Mr. Harris was additionally fast to level out to the board that officers had a historical past of pushing for rural initiatives like broadband entry and well being care that principally benefited white folks.
The white board members who symbolize rural communities didn’t admire the lecture.
“They’re creating strife between folks labeling us as racist and privileged as a result of we’re white,” Supervisor Arnold Schlei, a 73-year-old retired veal farmer who has been on the county board for 11 years, mentioned in an interview. “You’ll be able to’t come round and inform folks that work their tails off from daylight to darkish and inform them that they acquired white privilege they usually’re racist they usually’ve acquired to deal with the Hmongs and the coloreds and the gays higher as a result of they’re racist. Persons are sick of it.”
He and others opposing the decision argued that to acknowledge disparities confronted by folks of coloration would tilt social benefits to their profit. The phrase “fairness,” which was included within the decision, served as a set off for many, who made the false declare that memorializing it as a objective would result in the county’s taking issues from white folks to present them to folks of coloration.
These against the decision made far-reaching claims about its potential influence. The native Republican Social gathering chairman, Jack Hoogendyk, mentioned the decision would result in “the tip of personal property” and “race-based redistribution of wealth.” Others have argued that there’s, actually, no racism in Marathon County, and even when there was, it’s not the county board’s enterprise to do something about it.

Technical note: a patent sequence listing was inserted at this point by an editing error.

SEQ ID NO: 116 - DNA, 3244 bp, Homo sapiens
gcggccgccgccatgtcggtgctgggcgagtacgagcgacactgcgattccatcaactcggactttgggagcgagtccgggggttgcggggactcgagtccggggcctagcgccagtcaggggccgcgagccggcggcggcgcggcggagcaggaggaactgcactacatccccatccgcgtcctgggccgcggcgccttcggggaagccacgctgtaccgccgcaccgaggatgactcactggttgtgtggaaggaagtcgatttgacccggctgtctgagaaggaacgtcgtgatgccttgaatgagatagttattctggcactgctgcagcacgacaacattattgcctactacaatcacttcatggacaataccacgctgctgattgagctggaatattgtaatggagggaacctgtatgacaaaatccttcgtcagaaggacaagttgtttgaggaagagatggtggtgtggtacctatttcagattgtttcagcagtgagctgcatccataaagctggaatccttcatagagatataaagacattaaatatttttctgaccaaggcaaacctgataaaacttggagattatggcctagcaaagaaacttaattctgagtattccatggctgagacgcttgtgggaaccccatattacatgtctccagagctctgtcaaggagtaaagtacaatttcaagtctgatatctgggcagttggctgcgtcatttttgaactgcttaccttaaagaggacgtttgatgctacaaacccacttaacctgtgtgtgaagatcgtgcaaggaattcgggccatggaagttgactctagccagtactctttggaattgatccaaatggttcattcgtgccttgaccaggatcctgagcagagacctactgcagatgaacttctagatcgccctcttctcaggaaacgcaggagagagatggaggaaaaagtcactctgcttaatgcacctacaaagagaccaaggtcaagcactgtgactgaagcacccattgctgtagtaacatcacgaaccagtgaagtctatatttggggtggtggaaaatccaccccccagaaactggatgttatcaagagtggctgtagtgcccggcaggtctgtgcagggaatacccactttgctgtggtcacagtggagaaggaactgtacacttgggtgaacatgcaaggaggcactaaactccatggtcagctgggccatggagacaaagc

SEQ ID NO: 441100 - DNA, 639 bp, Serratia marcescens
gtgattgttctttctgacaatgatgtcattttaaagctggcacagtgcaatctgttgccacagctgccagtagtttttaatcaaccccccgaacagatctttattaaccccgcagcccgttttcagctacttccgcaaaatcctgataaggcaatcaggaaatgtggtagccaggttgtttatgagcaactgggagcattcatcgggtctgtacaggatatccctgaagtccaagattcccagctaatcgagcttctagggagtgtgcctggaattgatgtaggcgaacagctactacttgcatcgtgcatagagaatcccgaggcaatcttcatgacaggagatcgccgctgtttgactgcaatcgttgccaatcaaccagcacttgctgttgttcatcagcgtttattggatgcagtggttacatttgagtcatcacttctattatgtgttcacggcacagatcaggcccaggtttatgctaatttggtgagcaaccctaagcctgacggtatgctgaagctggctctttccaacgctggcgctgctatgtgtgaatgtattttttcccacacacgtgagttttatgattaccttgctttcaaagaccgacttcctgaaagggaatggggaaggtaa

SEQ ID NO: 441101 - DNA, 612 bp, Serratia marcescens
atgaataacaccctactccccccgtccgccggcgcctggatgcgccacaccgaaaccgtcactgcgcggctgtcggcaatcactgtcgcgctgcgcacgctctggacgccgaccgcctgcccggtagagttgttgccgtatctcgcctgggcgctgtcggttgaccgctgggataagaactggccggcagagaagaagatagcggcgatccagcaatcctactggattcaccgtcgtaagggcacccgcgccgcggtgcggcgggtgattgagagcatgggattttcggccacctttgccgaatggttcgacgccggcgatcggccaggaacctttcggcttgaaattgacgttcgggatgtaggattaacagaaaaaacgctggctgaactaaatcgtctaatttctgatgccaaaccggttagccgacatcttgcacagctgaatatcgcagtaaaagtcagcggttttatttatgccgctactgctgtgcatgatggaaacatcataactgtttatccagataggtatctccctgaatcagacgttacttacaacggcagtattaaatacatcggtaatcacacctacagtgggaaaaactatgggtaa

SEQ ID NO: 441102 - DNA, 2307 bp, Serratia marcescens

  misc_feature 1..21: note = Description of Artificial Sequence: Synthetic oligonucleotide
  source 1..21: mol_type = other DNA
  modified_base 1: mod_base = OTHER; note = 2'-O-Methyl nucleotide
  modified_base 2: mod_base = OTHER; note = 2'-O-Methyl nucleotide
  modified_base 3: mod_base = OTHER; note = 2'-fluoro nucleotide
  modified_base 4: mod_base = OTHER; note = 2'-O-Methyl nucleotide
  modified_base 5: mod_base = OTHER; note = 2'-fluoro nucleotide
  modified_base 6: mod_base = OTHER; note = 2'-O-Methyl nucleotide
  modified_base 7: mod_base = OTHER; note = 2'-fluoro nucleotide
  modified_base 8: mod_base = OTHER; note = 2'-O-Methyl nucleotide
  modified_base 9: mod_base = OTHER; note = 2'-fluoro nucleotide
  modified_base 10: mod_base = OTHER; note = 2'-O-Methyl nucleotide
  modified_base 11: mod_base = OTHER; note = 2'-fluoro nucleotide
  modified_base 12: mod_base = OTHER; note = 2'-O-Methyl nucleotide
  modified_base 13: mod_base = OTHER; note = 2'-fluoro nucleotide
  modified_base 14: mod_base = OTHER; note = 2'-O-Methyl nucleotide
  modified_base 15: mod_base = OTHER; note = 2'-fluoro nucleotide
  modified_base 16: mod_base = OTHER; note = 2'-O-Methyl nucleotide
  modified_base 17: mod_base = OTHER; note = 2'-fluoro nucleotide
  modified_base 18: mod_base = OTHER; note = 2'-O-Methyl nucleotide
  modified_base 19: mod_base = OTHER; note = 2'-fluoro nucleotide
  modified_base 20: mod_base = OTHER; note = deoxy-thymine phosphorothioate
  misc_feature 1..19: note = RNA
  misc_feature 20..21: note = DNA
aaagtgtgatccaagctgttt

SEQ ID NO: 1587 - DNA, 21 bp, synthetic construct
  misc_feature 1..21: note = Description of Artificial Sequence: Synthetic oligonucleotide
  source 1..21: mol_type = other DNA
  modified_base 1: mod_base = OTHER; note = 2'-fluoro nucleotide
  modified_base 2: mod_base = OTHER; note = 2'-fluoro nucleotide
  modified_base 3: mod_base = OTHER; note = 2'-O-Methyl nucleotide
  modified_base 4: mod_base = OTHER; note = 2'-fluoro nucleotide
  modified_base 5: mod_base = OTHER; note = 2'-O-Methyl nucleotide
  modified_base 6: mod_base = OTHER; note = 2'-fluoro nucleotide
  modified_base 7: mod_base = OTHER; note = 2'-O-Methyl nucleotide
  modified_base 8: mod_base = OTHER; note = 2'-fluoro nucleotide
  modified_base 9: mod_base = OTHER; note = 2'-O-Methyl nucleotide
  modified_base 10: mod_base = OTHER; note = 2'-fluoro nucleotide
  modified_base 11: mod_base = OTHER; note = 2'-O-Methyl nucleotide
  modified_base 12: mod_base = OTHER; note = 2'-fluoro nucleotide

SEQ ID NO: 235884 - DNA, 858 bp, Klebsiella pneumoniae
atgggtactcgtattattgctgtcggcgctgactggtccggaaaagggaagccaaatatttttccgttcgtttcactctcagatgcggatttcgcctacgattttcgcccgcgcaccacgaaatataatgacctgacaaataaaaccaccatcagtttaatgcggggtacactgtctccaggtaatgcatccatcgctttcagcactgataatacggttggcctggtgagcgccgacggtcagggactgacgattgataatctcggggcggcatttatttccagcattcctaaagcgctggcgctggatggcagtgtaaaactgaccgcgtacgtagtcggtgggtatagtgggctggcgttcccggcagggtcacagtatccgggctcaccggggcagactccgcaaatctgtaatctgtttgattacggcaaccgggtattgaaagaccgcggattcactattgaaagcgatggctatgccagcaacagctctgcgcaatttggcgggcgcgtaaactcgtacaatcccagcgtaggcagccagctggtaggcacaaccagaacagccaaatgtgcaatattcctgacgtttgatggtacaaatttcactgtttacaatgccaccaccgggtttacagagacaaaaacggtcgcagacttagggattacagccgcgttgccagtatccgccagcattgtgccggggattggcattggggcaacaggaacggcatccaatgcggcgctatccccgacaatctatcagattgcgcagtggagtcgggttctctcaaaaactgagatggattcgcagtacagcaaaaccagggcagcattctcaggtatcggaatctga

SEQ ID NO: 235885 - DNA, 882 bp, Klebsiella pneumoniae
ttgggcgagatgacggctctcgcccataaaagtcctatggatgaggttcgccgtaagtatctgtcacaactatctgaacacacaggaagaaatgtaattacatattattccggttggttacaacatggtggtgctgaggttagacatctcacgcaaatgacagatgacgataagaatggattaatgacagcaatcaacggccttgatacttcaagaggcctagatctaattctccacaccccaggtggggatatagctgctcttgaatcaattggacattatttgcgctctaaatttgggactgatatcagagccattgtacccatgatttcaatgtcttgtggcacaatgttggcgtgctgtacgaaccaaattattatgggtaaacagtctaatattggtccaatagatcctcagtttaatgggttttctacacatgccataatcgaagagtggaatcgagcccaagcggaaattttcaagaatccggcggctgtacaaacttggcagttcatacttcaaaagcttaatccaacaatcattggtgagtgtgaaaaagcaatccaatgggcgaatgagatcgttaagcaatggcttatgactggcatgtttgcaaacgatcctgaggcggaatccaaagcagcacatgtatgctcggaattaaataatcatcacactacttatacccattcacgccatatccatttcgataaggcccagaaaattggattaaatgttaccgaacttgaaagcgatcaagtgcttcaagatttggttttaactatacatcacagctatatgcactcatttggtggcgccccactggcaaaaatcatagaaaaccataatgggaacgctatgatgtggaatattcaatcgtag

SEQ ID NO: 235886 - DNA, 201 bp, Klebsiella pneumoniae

James Juedes, a dairy farmer who lives on a farm simply east of Wausau that has been in his household for 126 years, has been some of the public opponents of the decision. He has additionally organized counterdemonstrations to native Black Lives Matter protests.
In an interview at his farm, Mr. Juedes, 51, mentioned systemic racism “doesn’t exist right here” and instructed these pushing the decision have been doing so to learn themselves financially.
“I’ve but to recall any sort of racial cases that has been reported on this neighborhood that has prompted any sort of stress,” he mentioned.
La’Tanya Campbell, a 39-year-old Black social employee who was on the assembly final week, associated a distinct expertise. Ms. Campbell works as an advocate for victims of home violence, sexual assault and human trafficking, and mentioned she generally needed to enlist white colleagues to assist shoppers discover flats to hire in Wausau.
As she campaigned for the decision, Ms. Campbell mentioned, the delicate racism she had lengthy skilled in Wausau grew to become express, together with hate mail calling Black folks “animals.” She sought remedy to take care of the stress.